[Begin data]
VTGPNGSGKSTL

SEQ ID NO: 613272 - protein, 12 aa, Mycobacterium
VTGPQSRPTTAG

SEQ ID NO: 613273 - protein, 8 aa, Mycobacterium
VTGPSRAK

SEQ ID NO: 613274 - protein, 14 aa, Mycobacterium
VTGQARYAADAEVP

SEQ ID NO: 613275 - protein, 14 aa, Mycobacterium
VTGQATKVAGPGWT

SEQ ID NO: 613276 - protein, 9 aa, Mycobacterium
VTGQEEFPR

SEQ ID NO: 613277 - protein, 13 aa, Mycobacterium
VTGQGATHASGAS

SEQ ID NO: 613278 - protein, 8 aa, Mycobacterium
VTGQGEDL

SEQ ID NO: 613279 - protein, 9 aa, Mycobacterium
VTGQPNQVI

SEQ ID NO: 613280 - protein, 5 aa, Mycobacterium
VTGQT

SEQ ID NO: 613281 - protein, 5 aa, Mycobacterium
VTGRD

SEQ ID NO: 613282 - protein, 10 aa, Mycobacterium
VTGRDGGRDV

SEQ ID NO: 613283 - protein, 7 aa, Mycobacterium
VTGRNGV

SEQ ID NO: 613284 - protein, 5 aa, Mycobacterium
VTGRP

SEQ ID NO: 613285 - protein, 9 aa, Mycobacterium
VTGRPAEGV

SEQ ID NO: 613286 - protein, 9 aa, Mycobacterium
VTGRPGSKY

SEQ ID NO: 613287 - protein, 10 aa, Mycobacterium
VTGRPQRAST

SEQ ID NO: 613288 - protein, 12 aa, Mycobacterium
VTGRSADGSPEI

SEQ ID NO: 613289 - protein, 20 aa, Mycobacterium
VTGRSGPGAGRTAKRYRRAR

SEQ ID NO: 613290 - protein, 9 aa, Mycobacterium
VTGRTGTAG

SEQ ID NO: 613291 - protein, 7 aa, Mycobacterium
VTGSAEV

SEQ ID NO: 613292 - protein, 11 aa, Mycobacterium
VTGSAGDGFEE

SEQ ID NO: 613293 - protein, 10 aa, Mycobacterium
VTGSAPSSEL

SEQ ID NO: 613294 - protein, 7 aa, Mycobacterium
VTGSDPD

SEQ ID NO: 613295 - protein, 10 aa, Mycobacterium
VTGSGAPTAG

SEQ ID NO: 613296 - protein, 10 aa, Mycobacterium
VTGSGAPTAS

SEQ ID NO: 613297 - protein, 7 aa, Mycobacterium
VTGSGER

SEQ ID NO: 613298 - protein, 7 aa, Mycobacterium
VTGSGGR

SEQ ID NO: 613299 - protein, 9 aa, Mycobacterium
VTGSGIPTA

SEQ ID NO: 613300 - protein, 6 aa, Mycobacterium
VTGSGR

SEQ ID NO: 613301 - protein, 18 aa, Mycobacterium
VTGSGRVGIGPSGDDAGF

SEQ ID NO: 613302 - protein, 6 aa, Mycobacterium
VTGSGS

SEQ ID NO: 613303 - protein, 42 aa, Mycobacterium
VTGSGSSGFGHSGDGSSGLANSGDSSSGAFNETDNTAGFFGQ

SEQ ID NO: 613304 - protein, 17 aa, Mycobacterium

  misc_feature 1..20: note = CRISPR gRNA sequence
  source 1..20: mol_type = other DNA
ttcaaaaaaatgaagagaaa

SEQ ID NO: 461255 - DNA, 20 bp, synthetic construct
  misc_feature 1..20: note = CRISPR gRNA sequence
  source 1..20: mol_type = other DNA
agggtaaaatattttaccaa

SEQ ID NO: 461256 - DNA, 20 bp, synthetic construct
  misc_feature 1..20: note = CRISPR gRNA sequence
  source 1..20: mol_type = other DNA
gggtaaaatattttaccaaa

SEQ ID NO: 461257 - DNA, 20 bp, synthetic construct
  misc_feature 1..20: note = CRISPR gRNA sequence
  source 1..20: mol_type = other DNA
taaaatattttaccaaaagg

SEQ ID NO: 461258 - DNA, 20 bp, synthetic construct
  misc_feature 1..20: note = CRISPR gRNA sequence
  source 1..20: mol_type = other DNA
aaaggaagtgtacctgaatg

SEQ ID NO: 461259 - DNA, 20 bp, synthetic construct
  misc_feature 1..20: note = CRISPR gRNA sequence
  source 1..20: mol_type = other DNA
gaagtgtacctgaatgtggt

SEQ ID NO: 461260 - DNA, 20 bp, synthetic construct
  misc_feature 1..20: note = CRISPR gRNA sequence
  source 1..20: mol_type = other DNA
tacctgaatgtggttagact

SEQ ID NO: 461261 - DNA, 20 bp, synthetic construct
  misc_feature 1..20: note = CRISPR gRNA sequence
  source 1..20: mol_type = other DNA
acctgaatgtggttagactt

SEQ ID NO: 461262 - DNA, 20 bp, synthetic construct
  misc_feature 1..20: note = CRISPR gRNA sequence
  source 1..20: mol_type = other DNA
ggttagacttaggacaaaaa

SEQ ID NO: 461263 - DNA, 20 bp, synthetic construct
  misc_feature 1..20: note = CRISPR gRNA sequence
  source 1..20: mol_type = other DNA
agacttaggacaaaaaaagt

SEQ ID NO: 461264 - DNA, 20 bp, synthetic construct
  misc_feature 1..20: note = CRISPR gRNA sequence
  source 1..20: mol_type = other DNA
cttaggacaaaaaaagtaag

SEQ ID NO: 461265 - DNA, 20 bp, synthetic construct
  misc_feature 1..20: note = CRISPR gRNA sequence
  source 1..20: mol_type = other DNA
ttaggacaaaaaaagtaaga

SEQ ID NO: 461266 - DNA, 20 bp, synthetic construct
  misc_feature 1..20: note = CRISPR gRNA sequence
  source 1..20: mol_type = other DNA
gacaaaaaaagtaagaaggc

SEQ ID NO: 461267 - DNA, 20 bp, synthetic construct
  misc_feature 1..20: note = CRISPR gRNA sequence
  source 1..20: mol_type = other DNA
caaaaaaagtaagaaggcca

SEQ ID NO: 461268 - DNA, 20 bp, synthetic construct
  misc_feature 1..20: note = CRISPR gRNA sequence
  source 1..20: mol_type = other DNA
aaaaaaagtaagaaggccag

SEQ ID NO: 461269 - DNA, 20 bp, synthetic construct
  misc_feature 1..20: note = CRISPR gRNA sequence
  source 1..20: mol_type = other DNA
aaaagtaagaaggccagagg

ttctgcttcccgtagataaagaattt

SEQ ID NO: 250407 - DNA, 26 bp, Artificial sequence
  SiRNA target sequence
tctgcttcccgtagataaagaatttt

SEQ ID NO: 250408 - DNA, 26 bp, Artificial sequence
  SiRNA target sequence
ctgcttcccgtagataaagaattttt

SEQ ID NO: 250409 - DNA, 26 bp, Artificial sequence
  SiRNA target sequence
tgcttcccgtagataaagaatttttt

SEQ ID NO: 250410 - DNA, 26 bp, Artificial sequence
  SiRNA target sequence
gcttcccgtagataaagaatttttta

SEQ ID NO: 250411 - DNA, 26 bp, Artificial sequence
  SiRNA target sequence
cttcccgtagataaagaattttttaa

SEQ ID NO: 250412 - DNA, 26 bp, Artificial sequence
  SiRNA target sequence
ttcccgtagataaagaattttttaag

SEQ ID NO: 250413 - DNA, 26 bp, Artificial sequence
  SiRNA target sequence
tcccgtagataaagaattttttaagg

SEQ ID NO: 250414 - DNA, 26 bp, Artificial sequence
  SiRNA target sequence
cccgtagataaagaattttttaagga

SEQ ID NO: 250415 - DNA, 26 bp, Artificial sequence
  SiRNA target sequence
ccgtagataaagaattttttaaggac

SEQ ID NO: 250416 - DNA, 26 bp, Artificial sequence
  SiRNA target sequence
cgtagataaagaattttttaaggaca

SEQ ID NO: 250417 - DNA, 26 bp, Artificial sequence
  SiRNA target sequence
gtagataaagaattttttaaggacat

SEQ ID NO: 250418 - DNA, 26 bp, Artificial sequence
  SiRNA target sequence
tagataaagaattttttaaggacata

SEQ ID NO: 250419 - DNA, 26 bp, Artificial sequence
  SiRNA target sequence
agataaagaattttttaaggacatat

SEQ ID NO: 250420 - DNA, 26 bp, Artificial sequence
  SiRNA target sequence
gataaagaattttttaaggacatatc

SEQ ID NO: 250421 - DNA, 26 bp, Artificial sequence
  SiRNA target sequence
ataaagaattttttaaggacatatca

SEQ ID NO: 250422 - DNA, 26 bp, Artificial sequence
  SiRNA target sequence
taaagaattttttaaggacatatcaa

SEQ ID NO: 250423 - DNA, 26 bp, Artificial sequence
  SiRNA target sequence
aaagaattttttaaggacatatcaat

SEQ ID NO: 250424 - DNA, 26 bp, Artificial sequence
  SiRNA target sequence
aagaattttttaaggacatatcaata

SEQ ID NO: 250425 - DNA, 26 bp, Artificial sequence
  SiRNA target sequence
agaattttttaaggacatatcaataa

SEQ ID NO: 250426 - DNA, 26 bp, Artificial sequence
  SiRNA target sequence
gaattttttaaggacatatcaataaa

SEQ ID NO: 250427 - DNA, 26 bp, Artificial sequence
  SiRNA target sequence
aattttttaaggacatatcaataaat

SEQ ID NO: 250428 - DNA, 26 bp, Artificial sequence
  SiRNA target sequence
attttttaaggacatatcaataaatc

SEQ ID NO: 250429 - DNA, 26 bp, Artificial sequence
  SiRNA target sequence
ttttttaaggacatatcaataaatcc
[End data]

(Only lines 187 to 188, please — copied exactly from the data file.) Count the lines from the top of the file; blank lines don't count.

agaattttttaaggacatatcaataa

SEQ ID NO: 250426 - DNA, 26 bp, Artificial sequence